• AT is planning to return services on the Gulf Harbour and Half Moon Bay routes to full timetables once the accelerated crew training programme is complete.
  • Fullers360 will no longer be operating the Birkenhead, Te Onewa Northcote Point and Bayswater routes from 1 October. Auckland Transport remains committed to operating these ferry routes and is actively exploring options for an alternative operator.
    • A range of reliable bus services are already available for passengers on these routes to use, including feeder bus services connecting each ferry terminal to high frequency and rapid bus routes travelling to the City Centre.
    • These bus services are cheaper for customers than the existing ferry services – $4.20 for an adult bus fare compared with $5.80 for a ferry fare.
    • With Auckland’s bus driver shortage now over these bus services are now highly reliable, more frequent, and less subject to weather-related cancellations.
  • Weekday peak services will continue to operate for Gulf Harbour and Half Moon Bay, but the following changes will be made to timetables:
    • Weekday trips between 10am and 2pm will be suspended.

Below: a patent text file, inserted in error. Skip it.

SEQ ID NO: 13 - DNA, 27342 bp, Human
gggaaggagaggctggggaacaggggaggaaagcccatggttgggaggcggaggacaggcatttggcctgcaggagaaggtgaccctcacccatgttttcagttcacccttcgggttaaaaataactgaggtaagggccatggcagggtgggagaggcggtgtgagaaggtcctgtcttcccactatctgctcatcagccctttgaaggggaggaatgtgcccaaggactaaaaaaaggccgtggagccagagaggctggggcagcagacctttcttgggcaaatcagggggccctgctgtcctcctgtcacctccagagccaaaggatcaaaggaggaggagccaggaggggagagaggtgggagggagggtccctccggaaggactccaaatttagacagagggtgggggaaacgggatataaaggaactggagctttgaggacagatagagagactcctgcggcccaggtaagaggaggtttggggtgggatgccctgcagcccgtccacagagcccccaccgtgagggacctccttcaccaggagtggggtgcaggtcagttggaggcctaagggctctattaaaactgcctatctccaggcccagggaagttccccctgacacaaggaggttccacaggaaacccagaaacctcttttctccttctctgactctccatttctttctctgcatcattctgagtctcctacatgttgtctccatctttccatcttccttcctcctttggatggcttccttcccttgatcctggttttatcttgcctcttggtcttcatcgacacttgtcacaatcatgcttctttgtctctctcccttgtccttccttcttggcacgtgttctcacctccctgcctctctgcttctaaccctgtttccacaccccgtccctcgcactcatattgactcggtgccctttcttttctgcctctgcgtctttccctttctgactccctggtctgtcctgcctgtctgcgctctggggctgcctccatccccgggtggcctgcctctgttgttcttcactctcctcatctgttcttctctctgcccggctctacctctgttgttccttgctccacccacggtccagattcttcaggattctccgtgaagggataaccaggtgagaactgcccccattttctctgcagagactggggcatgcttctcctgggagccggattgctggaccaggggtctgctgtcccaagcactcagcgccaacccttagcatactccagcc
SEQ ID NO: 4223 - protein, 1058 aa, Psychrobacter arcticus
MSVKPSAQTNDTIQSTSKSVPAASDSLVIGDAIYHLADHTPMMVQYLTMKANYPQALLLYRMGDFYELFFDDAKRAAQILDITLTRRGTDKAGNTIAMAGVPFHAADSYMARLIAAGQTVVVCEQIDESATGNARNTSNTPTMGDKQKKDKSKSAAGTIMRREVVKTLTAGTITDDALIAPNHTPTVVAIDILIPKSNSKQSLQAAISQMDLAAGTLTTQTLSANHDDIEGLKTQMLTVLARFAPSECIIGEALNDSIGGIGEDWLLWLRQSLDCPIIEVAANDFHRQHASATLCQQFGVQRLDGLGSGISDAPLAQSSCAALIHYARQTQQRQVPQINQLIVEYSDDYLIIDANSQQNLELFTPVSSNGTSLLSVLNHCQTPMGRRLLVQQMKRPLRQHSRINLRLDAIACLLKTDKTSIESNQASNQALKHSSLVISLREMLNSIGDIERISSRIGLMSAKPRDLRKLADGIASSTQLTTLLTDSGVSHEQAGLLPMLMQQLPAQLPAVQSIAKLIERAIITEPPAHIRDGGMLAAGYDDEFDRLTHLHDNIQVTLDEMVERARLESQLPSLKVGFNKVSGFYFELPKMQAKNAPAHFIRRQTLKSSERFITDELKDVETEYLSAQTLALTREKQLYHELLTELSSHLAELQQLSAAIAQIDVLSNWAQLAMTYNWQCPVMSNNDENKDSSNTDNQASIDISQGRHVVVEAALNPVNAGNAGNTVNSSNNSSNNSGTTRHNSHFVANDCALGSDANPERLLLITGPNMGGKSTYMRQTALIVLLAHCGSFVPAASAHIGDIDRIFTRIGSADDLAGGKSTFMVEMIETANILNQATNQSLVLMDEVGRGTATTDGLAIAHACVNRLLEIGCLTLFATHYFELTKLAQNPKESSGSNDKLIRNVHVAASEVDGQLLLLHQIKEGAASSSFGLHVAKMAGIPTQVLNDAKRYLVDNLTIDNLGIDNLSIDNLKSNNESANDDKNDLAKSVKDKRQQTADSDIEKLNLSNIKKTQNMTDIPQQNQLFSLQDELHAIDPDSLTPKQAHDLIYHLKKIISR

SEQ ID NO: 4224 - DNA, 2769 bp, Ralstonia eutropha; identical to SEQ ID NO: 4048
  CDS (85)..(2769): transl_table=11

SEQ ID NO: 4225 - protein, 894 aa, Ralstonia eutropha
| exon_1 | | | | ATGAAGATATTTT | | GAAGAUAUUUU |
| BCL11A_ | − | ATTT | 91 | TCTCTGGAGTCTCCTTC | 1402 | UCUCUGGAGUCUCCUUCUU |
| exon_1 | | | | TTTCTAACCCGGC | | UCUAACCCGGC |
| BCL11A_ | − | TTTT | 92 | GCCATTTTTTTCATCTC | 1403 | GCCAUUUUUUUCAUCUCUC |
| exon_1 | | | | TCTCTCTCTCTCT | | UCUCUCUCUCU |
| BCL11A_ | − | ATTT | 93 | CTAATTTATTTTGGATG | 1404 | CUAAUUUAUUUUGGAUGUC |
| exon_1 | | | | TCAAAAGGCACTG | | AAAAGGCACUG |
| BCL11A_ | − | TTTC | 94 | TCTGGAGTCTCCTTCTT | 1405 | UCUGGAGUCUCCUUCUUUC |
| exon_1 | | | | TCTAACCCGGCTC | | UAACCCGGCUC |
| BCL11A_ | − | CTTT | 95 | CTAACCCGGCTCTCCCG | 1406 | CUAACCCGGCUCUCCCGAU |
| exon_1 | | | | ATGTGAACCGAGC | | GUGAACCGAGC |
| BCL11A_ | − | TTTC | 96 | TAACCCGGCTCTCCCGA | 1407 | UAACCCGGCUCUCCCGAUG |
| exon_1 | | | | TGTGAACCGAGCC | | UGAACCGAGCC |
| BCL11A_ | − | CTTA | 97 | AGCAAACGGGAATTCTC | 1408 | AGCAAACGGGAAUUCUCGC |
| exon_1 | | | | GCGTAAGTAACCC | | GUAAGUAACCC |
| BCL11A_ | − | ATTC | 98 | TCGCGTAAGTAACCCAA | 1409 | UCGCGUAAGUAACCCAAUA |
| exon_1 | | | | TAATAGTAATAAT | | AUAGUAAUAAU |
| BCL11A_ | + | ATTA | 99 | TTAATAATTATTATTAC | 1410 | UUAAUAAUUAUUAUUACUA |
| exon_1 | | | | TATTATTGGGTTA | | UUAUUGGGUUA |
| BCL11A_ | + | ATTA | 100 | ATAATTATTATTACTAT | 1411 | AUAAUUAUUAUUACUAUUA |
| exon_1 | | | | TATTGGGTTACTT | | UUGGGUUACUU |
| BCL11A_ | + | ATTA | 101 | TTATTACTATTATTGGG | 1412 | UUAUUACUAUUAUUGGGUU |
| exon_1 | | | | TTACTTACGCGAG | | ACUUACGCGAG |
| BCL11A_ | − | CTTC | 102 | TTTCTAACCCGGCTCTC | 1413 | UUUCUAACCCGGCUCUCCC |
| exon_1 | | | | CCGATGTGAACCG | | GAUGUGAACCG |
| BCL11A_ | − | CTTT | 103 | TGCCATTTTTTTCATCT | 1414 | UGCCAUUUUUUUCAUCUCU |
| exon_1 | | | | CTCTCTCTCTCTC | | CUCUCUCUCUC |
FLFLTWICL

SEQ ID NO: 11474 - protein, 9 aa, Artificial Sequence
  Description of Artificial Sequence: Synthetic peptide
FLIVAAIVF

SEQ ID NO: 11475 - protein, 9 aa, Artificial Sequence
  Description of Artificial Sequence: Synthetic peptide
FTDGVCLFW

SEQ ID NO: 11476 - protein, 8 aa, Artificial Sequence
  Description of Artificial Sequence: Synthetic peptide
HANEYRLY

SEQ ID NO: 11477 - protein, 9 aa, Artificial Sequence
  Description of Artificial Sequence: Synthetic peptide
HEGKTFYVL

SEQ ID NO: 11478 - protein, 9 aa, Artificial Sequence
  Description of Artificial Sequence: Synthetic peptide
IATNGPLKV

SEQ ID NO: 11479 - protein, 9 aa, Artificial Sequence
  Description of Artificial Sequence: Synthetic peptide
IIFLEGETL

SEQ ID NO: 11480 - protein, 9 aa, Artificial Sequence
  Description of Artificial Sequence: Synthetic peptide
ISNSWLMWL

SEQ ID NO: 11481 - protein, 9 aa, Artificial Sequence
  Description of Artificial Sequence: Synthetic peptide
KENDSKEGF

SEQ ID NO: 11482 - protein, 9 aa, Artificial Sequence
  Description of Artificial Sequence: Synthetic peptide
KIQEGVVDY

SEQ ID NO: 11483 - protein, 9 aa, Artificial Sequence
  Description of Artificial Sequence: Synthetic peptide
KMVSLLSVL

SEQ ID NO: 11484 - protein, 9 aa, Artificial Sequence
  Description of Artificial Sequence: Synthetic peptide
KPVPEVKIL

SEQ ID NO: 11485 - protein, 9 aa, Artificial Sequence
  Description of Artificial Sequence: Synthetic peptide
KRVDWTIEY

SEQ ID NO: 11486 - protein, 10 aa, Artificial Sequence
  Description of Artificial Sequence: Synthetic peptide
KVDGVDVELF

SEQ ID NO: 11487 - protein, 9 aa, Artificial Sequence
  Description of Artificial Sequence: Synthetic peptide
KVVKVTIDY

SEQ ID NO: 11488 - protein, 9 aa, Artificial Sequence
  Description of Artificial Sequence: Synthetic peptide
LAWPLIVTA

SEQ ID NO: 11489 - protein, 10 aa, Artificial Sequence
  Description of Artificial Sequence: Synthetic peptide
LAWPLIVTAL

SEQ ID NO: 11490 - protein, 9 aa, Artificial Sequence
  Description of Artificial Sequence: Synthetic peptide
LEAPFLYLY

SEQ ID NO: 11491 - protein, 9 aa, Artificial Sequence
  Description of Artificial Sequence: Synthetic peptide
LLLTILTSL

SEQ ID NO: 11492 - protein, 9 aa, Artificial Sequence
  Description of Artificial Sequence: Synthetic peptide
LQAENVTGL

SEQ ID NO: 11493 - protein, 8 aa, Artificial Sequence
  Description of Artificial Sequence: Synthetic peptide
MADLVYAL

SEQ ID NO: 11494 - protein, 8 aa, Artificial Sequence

• Weekdays trips after 8pm will be suspended.
    • Weekend services to Half Moon Bay will be suspended.
    • We are planning to maintain some peak services for Gulf Harbour. Timetables still need to be confirmed.
    • Customers will be able on scheduled bus services during these periods and AT is reviewing options to supplement services around the ferry terminals.
    • AT is aiming to publish new timetables for Gulf Harbour and Half Moon Bay along with details about alternative transport options by the end of August.

So, something like this.

Much like the rail network rebuild, cancelling services so they can be made better faster is a tricky trade-off and will have some serious impacts on users, especially those that can’t just jump on a bus.